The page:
Dont be too disappointed at losing to the `Heinz 57 varieties` of county chess....its all about catchment area, some might think.
I`ve made no secret of the fact that I believe eligability rules need some sharpening up, not least to reduce `poaching` and restrict league eligability where leagues stretch over several county boundaries.
For example, the Stockport league covers Manchester, Cheshire, and Derbyshire. I believe the clubs in that league (and other leagues) should be restricted to just the county they actually reside in.
County boundaries need to be recognised more formally... in an administrative sense.
ie, Manchester could reasonably be defined as all areas within say 20 miles of Manchester centre that are covered by Manchester Passenger Transport or Greater Manchester Police. Same goes for Merseyside...and other connurbations. But it is important to make some allowances where genuine long standing historic individual player connections exist. Note... that I talk hear about `administrative sense`, because I`m talking about Administrative boundaries. Some players may feel they have a foot in many camps, so fair allowances should be made, on a case by case basis.
Also, some counties play almost no qualifying matches, so arrive at the `national stages` fresh as diasies, having done little or no travelling, etc....
I mention travel, because this/costs, and time factors/contraints I think are limiting players interest, as well as the `pull` of other events.
However, look at http://www.ecfgrading.org.uk/?club=Warwickshire+CA
and maybe start by contacting directly all the top 16 players on that list and asking for there support. An Open team needs to be able to call on at least half a dozen 200+ players if it is to have any chance at the National stages.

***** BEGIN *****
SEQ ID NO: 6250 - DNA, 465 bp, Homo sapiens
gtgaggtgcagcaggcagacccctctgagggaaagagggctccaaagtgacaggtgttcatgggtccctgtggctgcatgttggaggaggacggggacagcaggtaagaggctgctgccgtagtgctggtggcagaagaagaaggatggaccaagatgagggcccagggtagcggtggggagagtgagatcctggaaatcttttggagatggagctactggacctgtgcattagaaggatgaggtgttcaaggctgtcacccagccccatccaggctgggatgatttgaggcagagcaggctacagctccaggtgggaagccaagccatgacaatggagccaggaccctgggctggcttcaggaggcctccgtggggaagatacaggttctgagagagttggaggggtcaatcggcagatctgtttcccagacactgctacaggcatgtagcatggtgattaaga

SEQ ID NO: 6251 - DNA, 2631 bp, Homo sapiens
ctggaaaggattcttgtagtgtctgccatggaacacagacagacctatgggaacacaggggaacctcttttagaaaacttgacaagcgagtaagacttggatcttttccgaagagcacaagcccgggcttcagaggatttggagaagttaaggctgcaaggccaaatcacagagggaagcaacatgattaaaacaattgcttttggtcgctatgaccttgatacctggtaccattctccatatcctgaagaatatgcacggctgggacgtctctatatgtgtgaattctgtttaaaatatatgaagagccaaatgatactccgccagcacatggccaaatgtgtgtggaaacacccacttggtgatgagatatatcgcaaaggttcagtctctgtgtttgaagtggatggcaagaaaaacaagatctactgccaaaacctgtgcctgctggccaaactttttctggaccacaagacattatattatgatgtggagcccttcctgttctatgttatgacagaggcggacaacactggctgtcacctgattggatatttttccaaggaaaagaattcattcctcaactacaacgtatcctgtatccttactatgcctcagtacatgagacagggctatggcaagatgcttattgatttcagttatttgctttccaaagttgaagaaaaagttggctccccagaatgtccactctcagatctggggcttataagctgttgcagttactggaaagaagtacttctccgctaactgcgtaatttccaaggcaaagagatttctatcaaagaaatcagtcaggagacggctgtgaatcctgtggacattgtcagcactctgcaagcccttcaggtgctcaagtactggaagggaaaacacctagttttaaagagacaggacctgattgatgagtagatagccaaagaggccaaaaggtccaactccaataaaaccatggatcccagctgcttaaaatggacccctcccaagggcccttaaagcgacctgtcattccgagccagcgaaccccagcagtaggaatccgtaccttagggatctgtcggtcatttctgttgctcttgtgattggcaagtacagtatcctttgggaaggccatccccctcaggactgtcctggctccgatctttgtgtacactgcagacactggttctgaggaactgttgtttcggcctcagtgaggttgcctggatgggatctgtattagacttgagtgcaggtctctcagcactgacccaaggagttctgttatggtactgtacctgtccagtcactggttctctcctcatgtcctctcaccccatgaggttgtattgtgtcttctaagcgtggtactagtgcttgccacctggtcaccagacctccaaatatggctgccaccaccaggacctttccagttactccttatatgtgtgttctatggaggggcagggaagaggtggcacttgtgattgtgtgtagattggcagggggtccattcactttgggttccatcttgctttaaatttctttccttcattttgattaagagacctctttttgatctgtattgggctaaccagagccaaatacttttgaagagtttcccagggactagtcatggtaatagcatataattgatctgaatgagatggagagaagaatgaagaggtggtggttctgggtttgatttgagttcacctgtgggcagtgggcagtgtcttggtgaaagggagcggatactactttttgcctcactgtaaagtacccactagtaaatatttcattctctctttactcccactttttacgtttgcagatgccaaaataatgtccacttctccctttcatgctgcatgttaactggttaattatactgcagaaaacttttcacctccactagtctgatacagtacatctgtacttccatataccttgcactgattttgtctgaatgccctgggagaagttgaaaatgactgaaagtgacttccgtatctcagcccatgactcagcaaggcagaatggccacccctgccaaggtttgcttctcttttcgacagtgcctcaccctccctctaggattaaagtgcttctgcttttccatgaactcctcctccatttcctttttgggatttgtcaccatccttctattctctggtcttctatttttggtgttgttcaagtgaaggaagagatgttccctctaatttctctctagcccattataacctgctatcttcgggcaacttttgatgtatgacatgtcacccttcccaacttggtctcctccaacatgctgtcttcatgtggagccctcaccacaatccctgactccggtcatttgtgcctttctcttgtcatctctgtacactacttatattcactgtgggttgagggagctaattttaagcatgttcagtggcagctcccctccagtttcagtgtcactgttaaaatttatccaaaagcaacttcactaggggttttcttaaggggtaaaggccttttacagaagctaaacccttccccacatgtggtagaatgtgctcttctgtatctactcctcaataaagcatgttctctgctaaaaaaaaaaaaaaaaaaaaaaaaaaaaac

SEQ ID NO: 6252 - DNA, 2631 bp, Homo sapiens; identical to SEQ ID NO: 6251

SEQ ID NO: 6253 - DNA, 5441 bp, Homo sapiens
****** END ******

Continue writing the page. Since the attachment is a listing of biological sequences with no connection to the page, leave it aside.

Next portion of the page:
Next, note all the clubs mentioned and contact the club secretaries and team captains of all these clubs...maybe even a phone call. Quite often these can gleen useful intelligence and help, whereas emails can get ignored.
If you can find other league and county websites from which to gleen additional players, all the better.
Many league sites carry some useful player and league stats, and contact information....as I`m sure you`ll know.
It might be worth looking at `past players` from the grading lists, and maybe chasing some of these up....to see if they fancy coming out of retirement. Or maybe they have left the area, or gone to college, etc...
The other key option is to contact all congress organisors in your area to see if you can obtain lists of players, perhaps going back a couple of years. Congress results tables can also throw up options, particularly of players who might play congress chess but not league chess.
I`ve also said that counties need two captains for each team (an active `deputy` from another big club can be invaluable).
I quite agree your comments about county chess...it offers much that other events just dont give...but are hard work for captains, who should not underestimate the task. Its far more demanding than league chess, because there`s much more organisation involved. I think some `newbies` might underestimate this. In particular, it takes at least 3 weeks in my experience to put together a team...and its vital to line up at least a couple of reserves, for that inevitable last minute withdrawal. But...an essential ingredient is `transport` (as I`m sure you know), and having several volunteer drivers to provide shared lifts is the bedrock...with shared costs making for a cheap days travel.